Hartford Charter Revision Commission: March 19, 2009

What I am learning from attending these meetings is that legalese is every bit as convoluted as reputed to be; hence, lawyers should be as far away from writing/modifying the language of law as is humanly possible. Given that EmGee has broken issues down into plain English, I know that some lawyers are capable of clear writing and thinking.

The Charter Revision Commission took a recess to decipher the draft amendments of Chapter III of the charter; it appeared that Attorney Mednick, who was not present, had omitted some information discussed at the previous meeting. Later, Commissioner Anderson asked for Discussion Item 4 to be better explained, as the language was misleading.
Most of the meeting seemed focused on discussion of four items. Primarily, commissioners discussed whether or not the points were worth discussing.

Items discussed:

1. Possible Amendment to Chapter VIII Sec. 3(b)(ii) to make clear the council, not the corporation counsel, has the power to choose any lawyer the council elects to hire to represent it.

2. Possible Amendment to Chapter IV Sec. 1(a) to make clear that the council may decrease its compensation via ordinance and without the need for voter approval.

3. Possible Amendments to Chapter IV, V, and VII to provide that the Ethics Commission shall be a mandatory commission, comprised of 5 members, no more than 3 of whom shall be of the same political party, serving staggered terms, with 3 members to be appointed by the Council, 1 by the Mayor, and 1 by the City Treasurer; and to further provide that the appointments by the Mayor and City Treasurer are not subject to approval by the Council.

4. Possible Amendment to Chapters IV, V, and VII to provide that, should the City elect to create an [sic] Freedom of Information Act advisory committee, its members are to be appointed by the Council.

Commissioner Brandon asked for a clarification of the necessity of the first item for discussion. Commissioner Aponte referred to this item as a “non-issue” and that discussion of it was a “waste of time.” This was after Commissioner Rowtham-Kennedy spoke at length in favor of this, saying that an attorney needs to represent his client, and currently, Corporation Counsel is not clear on who his client is; Rowtham-Kennedy said that Corporation Counsel works for the city, not for the mayor. Commissioner Anderson brought up the dilemma of potential conflicts between Corporation Counsel, and the Council-appointed counsel: If there was a conflict between the two, who would be cited as the authority? During the public comment period, Ron Armstrong indicated that he believed there was/could be a conflict of interest in both the mayor and council sharing Corporation Counsel.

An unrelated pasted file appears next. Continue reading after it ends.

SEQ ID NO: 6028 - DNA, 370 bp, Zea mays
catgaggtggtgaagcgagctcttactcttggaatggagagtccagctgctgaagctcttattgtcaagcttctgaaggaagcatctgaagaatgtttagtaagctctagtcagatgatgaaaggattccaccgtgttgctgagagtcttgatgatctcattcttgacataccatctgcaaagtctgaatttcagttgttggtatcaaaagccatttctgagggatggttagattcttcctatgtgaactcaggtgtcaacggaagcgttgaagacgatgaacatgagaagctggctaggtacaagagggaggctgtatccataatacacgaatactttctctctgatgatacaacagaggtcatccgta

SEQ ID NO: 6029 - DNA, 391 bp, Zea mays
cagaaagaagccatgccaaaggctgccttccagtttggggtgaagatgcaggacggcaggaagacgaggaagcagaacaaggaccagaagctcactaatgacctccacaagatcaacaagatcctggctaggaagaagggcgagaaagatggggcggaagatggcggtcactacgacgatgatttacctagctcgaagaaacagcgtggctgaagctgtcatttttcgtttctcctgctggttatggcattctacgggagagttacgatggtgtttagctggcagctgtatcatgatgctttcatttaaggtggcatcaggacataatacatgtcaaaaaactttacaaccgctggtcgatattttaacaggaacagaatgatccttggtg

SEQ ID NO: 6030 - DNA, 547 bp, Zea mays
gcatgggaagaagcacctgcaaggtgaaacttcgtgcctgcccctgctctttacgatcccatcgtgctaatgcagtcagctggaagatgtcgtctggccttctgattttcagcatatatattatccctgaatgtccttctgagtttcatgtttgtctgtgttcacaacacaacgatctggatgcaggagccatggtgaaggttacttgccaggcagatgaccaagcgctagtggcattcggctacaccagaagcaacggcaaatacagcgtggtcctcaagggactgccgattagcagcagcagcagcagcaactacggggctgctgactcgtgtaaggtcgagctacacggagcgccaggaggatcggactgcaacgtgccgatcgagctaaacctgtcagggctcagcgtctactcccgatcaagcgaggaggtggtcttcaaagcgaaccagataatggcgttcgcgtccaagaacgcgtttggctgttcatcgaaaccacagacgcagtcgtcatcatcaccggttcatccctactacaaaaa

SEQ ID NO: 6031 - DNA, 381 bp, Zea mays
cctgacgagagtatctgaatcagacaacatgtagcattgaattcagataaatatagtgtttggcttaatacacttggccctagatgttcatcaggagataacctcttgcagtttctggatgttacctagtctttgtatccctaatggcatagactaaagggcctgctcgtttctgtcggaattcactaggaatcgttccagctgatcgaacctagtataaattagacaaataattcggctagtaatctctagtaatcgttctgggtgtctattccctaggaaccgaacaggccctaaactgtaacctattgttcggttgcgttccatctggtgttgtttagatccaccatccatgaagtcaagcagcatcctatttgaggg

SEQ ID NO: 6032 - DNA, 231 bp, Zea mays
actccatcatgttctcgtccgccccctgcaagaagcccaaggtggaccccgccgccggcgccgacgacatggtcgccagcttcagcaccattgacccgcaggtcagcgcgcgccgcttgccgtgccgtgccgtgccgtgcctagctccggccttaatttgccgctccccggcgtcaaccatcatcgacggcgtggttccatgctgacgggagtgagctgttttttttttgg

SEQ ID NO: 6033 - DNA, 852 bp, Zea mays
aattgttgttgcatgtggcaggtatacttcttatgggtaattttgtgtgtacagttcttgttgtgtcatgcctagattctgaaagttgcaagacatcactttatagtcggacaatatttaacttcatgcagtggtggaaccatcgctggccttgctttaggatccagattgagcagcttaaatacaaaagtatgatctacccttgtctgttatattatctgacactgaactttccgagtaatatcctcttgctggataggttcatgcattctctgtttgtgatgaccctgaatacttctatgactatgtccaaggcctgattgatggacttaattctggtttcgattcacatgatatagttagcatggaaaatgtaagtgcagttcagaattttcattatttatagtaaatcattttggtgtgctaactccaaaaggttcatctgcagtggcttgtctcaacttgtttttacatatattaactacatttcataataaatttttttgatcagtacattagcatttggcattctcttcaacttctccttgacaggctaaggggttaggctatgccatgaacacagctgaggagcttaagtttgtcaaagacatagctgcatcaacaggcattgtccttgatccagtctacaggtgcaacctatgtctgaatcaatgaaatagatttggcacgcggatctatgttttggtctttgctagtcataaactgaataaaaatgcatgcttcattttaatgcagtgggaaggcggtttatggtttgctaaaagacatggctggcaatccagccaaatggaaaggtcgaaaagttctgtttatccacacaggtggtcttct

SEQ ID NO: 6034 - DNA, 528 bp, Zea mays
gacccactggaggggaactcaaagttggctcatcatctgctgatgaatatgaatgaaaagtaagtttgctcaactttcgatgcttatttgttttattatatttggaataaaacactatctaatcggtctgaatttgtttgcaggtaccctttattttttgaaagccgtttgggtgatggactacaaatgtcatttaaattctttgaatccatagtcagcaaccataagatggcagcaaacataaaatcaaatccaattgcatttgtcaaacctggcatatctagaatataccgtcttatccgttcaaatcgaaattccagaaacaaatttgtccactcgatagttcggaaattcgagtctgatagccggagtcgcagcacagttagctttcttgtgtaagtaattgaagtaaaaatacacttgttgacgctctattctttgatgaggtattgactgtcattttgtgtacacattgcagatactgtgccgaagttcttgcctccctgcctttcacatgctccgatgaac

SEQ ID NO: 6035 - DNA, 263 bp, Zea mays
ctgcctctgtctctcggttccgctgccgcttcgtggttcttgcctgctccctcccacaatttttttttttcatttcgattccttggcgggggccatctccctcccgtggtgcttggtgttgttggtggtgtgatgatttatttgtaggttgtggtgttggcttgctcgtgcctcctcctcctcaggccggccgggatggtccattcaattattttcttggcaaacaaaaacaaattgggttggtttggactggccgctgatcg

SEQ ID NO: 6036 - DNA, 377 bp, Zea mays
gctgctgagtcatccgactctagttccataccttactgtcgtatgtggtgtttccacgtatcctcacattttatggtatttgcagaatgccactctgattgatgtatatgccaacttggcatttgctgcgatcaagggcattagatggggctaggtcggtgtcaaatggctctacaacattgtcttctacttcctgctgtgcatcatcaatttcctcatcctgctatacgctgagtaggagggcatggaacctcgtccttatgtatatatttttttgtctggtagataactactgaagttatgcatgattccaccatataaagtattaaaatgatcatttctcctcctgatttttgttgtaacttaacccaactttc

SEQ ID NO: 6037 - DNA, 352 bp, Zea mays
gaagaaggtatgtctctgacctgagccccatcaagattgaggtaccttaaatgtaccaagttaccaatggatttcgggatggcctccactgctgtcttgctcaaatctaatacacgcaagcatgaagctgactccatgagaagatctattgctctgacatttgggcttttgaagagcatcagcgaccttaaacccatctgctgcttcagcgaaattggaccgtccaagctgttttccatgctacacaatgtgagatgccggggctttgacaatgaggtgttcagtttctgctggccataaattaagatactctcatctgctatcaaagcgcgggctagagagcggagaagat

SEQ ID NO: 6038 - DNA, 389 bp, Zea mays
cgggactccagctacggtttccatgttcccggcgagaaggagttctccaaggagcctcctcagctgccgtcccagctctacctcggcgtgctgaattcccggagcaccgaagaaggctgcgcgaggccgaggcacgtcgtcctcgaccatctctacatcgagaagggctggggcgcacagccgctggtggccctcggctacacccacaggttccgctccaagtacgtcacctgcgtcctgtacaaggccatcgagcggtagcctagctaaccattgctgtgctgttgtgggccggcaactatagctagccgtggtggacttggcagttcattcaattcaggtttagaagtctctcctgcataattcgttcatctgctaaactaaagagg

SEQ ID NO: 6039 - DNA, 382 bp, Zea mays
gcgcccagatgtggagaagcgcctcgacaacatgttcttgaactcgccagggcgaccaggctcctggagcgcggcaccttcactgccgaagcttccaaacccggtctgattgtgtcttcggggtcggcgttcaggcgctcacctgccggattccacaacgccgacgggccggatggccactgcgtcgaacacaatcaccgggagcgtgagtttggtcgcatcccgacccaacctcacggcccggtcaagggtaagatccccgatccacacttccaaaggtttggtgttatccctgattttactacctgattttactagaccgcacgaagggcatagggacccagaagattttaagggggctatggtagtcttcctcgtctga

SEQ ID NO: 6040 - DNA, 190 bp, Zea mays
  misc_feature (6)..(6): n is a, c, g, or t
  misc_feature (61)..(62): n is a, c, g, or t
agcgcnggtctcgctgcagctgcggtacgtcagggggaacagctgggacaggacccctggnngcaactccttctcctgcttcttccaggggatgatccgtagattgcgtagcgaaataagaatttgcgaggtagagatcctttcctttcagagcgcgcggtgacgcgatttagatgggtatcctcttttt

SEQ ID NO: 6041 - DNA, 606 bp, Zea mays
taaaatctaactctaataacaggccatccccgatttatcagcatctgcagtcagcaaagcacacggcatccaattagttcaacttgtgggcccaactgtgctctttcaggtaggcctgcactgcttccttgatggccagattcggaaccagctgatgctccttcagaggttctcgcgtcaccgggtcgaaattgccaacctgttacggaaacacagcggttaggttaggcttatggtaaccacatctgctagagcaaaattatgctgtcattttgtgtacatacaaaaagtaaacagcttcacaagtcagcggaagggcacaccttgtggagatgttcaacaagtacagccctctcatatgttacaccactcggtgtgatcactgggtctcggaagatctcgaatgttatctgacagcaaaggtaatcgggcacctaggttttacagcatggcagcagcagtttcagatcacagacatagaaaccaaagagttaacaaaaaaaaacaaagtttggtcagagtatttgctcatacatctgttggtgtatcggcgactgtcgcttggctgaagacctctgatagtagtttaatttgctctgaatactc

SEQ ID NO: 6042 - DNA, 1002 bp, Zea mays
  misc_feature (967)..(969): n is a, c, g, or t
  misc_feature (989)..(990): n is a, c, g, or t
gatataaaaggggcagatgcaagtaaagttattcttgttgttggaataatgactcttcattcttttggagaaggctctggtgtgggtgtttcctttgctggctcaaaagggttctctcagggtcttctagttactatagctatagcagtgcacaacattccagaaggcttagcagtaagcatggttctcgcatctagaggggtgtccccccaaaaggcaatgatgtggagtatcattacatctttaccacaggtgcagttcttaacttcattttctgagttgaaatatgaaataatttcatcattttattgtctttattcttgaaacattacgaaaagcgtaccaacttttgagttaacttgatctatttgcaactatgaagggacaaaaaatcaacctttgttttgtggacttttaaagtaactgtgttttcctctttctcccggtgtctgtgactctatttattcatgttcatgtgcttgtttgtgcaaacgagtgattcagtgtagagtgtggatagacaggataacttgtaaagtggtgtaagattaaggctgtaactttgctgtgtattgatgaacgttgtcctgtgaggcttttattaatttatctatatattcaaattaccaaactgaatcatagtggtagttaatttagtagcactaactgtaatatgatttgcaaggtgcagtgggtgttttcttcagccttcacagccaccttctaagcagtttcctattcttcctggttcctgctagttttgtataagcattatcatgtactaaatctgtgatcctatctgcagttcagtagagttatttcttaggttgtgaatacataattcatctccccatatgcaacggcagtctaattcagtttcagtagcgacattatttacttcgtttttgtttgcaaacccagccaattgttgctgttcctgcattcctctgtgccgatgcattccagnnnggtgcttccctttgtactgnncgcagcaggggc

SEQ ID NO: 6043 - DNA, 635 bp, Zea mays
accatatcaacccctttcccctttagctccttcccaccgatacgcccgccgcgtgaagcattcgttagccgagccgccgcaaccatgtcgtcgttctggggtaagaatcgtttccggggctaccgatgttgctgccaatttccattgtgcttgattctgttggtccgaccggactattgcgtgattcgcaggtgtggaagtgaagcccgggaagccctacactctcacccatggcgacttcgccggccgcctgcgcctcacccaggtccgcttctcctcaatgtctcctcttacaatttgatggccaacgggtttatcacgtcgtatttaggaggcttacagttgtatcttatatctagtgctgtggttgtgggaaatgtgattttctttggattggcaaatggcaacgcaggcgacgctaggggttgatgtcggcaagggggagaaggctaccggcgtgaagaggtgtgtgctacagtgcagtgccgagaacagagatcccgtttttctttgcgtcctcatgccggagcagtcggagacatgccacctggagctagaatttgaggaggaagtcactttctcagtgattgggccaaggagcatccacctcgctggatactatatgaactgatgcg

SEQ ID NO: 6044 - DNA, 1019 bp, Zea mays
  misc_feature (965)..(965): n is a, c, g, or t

As mentioned, Anderson asked for clarification of Item #4. In it, the term “City” refers to a required ordinance, and “elect” means choose or decide, as opposed to vote or appoint.

During the Public Comment period, when people are given about five minutes each to share their concerns, Councilman Kennedy spoke for 25 minutes. I timed it. It should be pointed out that some from the City Council, Kennedy included, bogarted the first public hearing. It can’t be that difficult to strike a healthy balance between no comment from the Mayor and City Council, and extended commentary. Moreover, several of his comments pertained to issues already discussed by the commission. As if it could not get more tedious, there was a question posed by his wife, Commissioner Rowtham-Kennedy, that Councilman Kennedy had a very precise and seemingly planned answer for.

In a way, a lot of work seemed accomplished at the meeting. The discussion items were moved through, some major errors were located in the draft amendments, and about half an hour was allowed for public comment at the beginning of the meeting. At the end, Councilman Deutsch brought the commission up to speed with what ensued at and after the March 9th meeting for appointing people to the new FOI Advisory Board. Still, the practical side of me says that there is a way to be productive, thoughtful, and down-to-earth, and that the charter revision commission needs to find a way to tap into that.

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